2. Karen
    September 13, 2020 at 11:12 am

    You made the right decision in keeping her. She’s a large part of the threads of your family’s fabric, and is a reminder that even though we may not age perfectly we are still valuable and beautiful despite our flaws. Enjoy her beauty.

  3. MARGARET BRAMER
    September 13, 2020 at 11:46 am

    Yep… People will tell you, when you’re 90 how to fix yourself… I love that you are letting her just be!

  4. Trudy W Locke
    September 13, 2020 at 11:58 am

    Well said. Nothing is forever. We hold on and love for all the time we are given. Then comes the grace to let go.

    • September 14, 2020 at 9:51 am

      Grace is the perfect word Trudy, thank you 🙂

  5. Marilyn
    September 13, 2020 at 12:21 pm

    Man. I can see why you love that old barn.

  6. September 13, 2020 at 12:27 pm

    Your photos are amazing, Tarah! I especially love the one with your feet in it. You could always take a piece (or a few pieces) of wood to mount one of your photos of the barn in your home….kind of like a memorial.

    • September 14, 2020 at 9:51 am

      That’s a lovely idea Ann, thank you!

  7. MADELINE l NEWTON
    September 13, 2020 at 12:36 pm

    i also hate to see them fall down …wish we all had the money to help put her back together …they are so beautiful to look at …just don’t see them anymore …i agree with making it into something to help keep her alive…grow lots of flowers inside of her …good luck just be careful going into her just let her collapse and then can go in safer…take care …have enjoyed her journey from the first pictures to now …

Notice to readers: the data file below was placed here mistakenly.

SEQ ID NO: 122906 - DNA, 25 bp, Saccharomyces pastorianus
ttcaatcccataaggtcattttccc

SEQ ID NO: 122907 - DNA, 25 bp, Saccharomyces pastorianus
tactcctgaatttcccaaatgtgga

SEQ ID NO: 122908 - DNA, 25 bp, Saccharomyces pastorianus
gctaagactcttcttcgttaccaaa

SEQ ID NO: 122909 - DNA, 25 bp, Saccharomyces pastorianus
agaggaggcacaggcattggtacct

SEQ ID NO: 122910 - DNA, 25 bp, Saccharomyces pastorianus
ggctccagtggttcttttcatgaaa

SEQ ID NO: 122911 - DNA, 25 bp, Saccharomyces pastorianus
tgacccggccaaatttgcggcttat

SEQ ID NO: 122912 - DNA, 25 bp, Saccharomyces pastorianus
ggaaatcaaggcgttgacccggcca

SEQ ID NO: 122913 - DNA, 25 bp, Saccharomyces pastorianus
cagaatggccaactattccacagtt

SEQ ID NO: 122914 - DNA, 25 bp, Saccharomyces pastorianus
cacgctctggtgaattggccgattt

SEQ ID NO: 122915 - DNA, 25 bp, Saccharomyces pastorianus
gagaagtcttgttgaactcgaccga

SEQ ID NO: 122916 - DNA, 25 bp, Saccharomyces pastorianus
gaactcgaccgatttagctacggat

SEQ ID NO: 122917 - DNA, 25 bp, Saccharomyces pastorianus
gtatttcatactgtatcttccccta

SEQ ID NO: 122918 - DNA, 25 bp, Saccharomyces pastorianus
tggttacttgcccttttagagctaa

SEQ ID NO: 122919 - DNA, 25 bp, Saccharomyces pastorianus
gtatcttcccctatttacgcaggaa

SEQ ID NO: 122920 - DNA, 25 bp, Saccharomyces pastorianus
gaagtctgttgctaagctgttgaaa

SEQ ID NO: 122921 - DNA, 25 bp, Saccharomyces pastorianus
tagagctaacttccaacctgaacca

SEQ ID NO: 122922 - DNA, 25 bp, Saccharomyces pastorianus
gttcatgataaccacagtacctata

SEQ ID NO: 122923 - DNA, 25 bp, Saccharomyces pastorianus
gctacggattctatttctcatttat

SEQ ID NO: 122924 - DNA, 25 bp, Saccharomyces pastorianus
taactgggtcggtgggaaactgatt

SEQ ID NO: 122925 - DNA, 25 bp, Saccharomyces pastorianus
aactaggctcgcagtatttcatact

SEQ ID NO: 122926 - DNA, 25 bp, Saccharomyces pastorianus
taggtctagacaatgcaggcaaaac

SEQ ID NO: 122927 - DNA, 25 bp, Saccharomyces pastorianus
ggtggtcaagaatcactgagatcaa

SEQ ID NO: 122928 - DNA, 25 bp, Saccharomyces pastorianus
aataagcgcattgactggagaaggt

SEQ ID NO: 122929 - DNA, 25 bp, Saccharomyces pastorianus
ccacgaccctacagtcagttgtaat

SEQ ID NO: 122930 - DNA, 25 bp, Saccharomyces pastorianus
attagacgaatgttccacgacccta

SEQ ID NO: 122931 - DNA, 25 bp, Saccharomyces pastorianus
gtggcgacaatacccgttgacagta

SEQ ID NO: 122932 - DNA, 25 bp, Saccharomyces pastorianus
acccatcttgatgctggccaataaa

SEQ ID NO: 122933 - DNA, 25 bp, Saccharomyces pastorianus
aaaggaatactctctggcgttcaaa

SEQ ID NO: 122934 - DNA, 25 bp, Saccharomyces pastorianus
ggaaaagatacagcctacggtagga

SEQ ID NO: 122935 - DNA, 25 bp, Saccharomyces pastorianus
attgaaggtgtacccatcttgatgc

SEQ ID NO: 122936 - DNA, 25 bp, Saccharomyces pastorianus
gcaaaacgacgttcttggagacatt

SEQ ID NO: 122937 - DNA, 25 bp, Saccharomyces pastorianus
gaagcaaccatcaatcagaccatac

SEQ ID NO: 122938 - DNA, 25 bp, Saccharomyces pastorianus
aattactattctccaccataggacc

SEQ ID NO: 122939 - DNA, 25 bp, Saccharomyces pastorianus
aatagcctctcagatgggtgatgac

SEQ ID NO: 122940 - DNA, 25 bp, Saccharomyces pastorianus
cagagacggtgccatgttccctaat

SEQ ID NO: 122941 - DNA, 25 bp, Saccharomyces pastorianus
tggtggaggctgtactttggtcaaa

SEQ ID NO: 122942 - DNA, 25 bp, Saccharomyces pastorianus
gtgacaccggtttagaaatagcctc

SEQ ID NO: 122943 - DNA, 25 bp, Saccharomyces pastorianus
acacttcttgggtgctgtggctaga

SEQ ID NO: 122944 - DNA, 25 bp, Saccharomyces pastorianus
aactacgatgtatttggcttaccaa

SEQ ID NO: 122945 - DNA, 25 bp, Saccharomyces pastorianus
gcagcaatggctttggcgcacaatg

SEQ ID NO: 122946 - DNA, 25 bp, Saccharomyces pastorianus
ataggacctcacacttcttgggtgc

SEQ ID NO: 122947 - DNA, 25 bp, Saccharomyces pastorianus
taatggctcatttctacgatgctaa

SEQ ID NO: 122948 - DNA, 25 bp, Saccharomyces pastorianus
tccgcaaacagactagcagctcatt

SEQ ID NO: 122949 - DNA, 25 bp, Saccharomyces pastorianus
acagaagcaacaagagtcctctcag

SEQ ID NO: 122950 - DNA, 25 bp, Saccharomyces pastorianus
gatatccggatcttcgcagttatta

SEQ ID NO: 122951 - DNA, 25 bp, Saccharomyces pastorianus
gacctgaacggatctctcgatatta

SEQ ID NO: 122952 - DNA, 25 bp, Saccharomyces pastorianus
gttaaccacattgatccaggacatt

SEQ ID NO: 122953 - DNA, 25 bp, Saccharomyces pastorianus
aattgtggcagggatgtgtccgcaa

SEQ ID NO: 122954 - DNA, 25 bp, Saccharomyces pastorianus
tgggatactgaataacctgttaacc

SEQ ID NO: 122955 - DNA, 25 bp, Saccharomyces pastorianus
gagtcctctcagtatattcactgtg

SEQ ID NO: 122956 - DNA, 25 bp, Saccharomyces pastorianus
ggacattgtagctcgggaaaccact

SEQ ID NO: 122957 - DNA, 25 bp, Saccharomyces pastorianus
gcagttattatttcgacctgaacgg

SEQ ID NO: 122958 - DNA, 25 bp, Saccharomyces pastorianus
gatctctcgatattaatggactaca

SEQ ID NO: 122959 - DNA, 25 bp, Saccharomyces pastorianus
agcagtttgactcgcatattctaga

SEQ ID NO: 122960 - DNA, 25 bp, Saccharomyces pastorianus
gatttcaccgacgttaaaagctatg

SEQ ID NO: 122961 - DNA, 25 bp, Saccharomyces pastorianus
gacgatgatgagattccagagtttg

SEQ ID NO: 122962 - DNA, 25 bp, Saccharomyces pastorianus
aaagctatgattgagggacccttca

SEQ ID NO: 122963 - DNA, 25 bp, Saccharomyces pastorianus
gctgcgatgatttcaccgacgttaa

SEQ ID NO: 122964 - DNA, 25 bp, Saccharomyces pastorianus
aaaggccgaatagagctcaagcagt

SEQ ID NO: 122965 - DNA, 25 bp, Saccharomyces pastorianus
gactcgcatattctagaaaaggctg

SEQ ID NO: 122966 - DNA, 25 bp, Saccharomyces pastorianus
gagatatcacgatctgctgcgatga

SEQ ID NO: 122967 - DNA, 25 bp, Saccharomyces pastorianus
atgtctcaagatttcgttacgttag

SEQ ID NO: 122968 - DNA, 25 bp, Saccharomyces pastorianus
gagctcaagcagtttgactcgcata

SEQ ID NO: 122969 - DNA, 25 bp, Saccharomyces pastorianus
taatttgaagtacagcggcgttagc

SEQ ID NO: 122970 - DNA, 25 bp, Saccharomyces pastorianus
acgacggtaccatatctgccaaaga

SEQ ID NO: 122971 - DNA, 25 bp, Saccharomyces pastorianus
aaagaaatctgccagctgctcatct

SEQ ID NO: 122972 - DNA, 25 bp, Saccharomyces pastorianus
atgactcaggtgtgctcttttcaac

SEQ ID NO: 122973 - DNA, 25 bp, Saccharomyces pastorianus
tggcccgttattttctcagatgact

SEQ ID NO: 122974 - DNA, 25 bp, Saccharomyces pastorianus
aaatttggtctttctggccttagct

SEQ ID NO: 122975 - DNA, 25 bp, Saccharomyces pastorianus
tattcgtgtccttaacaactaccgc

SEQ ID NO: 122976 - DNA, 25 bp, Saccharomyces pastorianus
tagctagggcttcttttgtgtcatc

• September 14, 2020 at 9:51 am

      Thank you Madeline, I too love the idea of growing plants inside of her to bring her to life in a whole new way.

  8. jackie norwood
    September 13, 2020 at 2:17 pm

    I am also sad……but my heart sings a sweet, soft sound because I know you love her so and I know all her memories vibrate within you…..

  9. September 13, 2020 at 3:52 pm

    Such wonderful photos and so bittersweet as well if you haven’t already you should watch the show Barnwood builders on TV and maybe the computer as well

    • September 14, 2020 at 9:49 am

      Beth I remember Barnwood Builders, I need to go check it out again! Thank you!

  10. Stephany Michel
    September 13, 2020 at 4:02 pm